The strap. Yes, the strap. Must talk about that. The watch arrived on an all-black calf style that reeked of German craftsmanship. That would have been entirely sufficient, but my family also gave me one of Tourby’s full-cut Louisiana alligator straps in a rich, golden brown. After just a few days, I switched to this strap, and what a difference it made. Thanks to the sturdy, screw-in strap bars, changing was relatively simple, and I don’t have to worry about a spring bar popping out. Yeah, I worry about things like that. What’s more, I would have been perfectly happy with a standard buckle closure, but the strap came on one of those deployant jobs. It’s beautifully crafted and very easy to use.

All things considered, I couldn’t be any happier. I love classic watches, and this is an incredible example of the genre. With its clean, simple, time-only dial, unadorned case, hand-wound Unitas movement, and purposeful German ambiance, it’s a watch that transcends time.

Now, is there anything for me to curmudge about? Actually, yes. Since I received this awesome Tourby, I’ve only taken it off while showering and sleeping. So all of my other watches are just sitting, collecting dust. I feel guilty that the Tourby is the only one I desire to wear. What’s going through the mind of my Submariner, Chronoswiss, Tutima, Muhle and so many others? This is all so unfair.

Oh, and one more thing that I’ll direct to you readers. Does anyone have any history on the Tourby company? I’ve scoured their own site as well as the internet and have found nothing. NOTHING! Therefore, until I know better, if any admirer asks me about my watch, I’ll say that the company was founded in the early ninteenth century by Baron von Tourby in a distant corner of the black forest.

Images from this post:
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9 responses to “The Tourby Marine Enamel, Reviewed by The Watch Curmudgeon”

  1. Dave says:

    You call yourself a curmudgeon? To quote a reddit user,

    “First off: the orientation of the numerals. The reversal 2-3-4 is truly awkward. The 8-9-10: less so. But still. Second, the typeface, to my eye, is so ornate and disparate, as to look straight out of a very bad faux antique toy watch. The placement of the numerals on the dial is also off: the “7” sits too low and too close to the subdial, the “12” sits too high and is veering off to the left. Furthermore: the blue diamond-shaped marking at the quarter hour positions are odd. Finally, the hands are overly decorative yet again.”

    I don’t mean to spoil your parade, and i know it was gift and all, but this just goes to show that a good camera can make any watch look nice, but it will also show the things that are wrong with the object.

    To me, your utter praise for this watch, combined with the fact that you certainly have more interesting and rare pieces in your collection, points to this being an advertisement for Tourby, and less of an article. You even went as far as to ask the reader to google Tourby for you, as if your article wasn’t enough of an exposure to the brand.

    I don’t know exactly what is happening here but i think at the very least you should stick to comedy. This article is certainly not helpful for wornadndwound’s image as unbiased reviewers of affordable watches.

  2. Hannes says:


    the numerals are awkward, because it is an typical marine watch. The old historical German marine watches had the numerals “rounded” so you can read the time from every angle. So this watch is historical correct. You will see this design on CHRONOSWISS too. I wouldn´t agree that the 12 sits too high and the 7 is too low??? For me it looks perfect!!!!!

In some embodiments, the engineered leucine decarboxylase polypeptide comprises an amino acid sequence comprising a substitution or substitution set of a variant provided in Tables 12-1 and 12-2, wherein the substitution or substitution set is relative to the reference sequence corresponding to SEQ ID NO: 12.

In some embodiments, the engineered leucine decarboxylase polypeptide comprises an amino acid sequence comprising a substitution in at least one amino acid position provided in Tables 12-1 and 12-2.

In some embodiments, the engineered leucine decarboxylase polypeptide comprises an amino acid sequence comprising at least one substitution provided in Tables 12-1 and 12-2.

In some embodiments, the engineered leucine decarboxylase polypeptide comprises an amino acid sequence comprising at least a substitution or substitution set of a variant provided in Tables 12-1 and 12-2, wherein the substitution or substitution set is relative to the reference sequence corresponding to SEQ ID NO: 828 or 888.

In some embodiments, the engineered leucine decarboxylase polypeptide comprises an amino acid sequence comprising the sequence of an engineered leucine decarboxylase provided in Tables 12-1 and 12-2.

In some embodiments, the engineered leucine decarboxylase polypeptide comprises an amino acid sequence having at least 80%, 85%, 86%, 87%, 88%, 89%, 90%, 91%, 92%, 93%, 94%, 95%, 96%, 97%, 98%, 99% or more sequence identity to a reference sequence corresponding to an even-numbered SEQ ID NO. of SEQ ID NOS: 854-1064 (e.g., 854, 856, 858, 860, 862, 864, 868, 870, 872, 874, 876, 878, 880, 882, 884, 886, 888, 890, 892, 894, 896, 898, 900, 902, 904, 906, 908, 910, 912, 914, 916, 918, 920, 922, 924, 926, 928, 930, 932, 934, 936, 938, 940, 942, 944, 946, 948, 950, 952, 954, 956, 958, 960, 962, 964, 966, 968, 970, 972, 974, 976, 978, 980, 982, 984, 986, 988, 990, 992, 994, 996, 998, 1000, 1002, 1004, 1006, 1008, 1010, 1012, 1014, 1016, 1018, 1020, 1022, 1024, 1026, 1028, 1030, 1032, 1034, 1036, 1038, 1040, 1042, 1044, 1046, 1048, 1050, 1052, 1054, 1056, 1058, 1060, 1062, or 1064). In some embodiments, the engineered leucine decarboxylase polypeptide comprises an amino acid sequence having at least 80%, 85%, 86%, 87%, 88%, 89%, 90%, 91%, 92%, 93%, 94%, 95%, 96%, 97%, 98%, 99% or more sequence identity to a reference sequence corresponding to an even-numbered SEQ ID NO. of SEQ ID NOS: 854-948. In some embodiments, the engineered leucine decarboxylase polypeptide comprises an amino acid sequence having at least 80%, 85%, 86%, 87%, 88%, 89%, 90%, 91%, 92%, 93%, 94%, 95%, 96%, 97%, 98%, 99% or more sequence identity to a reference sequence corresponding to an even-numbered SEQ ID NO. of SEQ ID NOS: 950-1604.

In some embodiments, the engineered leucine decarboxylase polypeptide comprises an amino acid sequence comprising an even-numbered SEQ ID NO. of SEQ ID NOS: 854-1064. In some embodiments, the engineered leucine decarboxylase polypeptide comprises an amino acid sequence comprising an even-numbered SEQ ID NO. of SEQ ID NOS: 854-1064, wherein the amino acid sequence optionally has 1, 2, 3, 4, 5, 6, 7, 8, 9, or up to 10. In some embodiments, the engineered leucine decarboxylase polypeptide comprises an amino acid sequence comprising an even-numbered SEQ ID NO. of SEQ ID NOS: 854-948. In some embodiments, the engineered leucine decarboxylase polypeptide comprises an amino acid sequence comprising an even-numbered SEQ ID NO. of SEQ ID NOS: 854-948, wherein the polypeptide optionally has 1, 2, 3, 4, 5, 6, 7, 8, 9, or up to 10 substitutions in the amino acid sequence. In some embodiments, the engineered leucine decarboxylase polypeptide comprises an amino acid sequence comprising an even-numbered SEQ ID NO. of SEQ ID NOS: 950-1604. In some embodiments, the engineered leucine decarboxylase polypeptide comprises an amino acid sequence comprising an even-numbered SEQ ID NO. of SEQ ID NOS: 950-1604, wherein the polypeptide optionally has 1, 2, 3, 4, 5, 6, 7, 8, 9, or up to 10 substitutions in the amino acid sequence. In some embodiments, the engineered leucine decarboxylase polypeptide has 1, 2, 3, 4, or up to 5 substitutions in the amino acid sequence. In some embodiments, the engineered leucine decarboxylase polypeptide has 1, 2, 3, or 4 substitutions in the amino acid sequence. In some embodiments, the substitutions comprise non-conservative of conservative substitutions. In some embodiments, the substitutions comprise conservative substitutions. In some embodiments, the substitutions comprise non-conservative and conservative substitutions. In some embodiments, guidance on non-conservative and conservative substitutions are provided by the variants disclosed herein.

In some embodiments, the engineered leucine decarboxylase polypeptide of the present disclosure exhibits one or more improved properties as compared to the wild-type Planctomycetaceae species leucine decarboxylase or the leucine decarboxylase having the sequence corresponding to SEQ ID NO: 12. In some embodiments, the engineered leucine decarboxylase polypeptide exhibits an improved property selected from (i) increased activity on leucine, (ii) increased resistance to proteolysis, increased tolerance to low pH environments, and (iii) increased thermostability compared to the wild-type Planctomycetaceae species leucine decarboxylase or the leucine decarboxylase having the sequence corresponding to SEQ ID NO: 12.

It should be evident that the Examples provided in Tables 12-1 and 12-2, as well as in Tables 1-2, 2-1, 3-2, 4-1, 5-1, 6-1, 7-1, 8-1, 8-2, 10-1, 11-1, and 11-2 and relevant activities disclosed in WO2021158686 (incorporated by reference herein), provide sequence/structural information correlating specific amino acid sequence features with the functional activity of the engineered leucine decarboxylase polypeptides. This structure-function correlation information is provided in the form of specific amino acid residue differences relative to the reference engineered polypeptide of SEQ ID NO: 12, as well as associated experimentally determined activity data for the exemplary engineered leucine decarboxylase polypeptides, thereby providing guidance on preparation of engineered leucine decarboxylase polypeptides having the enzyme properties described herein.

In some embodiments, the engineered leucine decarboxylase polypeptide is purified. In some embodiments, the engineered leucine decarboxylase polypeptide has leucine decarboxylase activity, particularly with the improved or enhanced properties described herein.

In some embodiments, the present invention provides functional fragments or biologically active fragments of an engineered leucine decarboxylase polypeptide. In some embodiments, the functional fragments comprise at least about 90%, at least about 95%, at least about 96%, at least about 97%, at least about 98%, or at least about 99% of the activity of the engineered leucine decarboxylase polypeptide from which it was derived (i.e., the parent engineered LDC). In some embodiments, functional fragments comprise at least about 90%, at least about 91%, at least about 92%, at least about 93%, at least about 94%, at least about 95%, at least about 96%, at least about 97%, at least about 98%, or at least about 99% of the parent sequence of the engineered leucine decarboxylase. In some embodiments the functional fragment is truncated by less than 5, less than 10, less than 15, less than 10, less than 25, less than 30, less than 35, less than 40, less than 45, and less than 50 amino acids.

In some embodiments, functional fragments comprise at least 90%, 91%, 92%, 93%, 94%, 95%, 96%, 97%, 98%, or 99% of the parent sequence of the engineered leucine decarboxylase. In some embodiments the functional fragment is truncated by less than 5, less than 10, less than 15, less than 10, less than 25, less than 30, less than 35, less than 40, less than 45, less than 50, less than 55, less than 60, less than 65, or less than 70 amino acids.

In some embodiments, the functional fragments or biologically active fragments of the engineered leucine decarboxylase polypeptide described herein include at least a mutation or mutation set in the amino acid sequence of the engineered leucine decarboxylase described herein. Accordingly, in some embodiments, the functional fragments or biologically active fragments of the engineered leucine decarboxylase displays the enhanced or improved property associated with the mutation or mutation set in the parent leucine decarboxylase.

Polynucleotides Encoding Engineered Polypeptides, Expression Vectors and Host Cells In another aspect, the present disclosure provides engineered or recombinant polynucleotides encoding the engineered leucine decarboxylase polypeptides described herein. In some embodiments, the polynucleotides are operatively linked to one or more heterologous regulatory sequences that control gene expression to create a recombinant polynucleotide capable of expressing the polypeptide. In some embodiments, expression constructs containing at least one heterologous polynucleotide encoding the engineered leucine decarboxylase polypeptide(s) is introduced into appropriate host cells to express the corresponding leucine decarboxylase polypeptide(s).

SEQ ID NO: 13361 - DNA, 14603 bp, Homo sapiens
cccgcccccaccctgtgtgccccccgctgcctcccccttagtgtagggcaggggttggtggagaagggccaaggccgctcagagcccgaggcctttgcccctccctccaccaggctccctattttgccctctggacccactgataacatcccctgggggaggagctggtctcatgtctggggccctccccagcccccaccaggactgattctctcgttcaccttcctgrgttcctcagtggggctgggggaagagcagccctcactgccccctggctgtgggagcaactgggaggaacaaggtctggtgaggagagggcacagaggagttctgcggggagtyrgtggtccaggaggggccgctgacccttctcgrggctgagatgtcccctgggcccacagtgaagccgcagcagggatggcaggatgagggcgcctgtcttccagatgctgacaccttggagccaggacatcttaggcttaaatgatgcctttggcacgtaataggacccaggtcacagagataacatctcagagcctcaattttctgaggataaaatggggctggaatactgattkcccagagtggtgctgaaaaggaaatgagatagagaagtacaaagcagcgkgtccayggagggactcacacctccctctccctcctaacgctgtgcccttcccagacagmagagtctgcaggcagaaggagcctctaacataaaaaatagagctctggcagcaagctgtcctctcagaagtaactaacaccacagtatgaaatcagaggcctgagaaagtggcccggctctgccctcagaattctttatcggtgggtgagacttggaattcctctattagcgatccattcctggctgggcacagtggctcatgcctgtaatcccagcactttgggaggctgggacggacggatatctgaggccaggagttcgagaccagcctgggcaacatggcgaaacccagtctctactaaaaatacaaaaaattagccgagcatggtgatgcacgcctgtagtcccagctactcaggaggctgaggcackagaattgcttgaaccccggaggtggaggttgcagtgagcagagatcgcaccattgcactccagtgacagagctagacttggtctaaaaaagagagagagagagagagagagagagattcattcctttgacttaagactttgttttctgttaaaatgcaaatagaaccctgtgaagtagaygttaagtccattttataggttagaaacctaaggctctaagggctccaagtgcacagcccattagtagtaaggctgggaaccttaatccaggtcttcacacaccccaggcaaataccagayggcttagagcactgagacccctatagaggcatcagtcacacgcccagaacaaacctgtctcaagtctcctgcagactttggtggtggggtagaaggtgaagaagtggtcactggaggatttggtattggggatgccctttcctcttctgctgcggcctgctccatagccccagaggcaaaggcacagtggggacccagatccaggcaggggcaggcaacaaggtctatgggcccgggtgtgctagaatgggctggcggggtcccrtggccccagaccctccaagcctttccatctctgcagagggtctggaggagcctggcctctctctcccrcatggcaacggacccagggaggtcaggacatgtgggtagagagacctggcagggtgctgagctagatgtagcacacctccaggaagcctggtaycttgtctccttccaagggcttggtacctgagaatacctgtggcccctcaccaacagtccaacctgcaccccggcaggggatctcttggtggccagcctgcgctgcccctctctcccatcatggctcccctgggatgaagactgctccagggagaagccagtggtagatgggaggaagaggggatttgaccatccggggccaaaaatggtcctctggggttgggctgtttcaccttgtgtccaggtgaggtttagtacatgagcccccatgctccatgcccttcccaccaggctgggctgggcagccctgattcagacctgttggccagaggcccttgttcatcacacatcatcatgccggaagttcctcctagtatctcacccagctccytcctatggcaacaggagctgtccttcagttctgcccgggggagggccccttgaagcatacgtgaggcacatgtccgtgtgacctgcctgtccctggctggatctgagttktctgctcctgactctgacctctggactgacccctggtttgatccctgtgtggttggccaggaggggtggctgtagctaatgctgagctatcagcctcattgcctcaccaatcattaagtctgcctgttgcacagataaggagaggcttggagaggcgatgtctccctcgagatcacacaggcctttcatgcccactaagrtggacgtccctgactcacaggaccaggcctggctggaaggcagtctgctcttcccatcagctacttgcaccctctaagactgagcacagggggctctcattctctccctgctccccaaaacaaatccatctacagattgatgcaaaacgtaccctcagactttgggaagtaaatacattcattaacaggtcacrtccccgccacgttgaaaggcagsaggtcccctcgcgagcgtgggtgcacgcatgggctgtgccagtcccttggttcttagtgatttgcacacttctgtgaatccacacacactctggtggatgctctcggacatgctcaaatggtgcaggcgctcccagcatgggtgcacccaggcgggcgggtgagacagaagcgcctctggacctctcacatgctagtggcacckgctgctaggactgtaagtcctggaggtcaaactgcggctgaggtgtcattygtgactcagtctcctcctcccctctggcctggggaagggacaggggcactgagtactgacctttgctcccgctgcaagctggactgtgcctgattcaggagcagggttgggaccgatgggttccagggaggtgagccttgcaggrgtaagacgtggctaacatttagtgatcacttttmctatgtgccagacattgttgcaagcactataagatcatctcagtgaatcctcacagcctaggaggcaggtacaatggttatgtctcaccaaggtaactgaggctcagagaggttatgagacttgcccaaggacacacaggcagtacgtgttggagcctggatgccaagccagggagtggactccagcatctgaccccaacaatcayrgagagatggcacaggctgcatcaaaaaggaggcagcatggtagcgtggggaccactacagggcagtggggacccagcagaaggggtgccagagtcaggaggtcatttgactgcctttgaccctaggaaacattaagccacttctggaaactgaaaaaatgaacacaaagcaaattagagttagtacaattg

Hannes from Germany

  3. NameJJ says:

    I agree that this watch is a beautiful piece. Simple & Unique. I’m sure most watch Snob would make comments like Dave, but I would rather have something like this then an over hyped brand any day.

  4. Frank (NL) says:

    Your comment about the screw in lugs say enough. You never really changed them yourself, because they are a nuisance! I’ll take spring bar lugs over these screw in types anytime.
    I like the watch.

    • Riaz says:

      I agree with the writer. The watch is perfect. Can someone tell me where to buy it in North America

  5. Scott says:

    The watch is nice enough, I guess, but their website is a hot mess. They seem only to have 5 or 6 basic designs; even so it’s hard to get an overview of their offerings, and of which options go with which watch, and for how much.
    One of their designs is the hugely over-copied “flieger”, which they call a “pilot” as though that’s the only pilot design there is.
    The site will say that something is “decorated” and then not be very clear about what is decorated, or how.
    Options are scattered all over and inadequately described.

    And how is it that a “Custom” watch can be “Out of Stock?”

    The strange numbers on the Marine may be authentic, but I think I’d want readability to trump authenticity, it that case.

    Overall, I’m not impressed enough with the company to spend $2000 with them.

  6. Peter Mavy says:

    Nice work dude. check

  7. Tronna-ON says:

    A little late reading this, but I’ve found one major design flaw that you will never forgive. The numerals 9, 10, 11, 12, 1, 2 & 3 face inward and 4, 5, 7 outward. That’s fine. BUT WHY IS THE 8 FACING OUTWARD? THE 8 AND THE 3 SHOULD BE FACING THE SAME WAY!

    One of either the 8 or the 3 should be the other way around.

  8. Skip says:

    That is an amazing watch, although the prices have gone up quite a bit since then.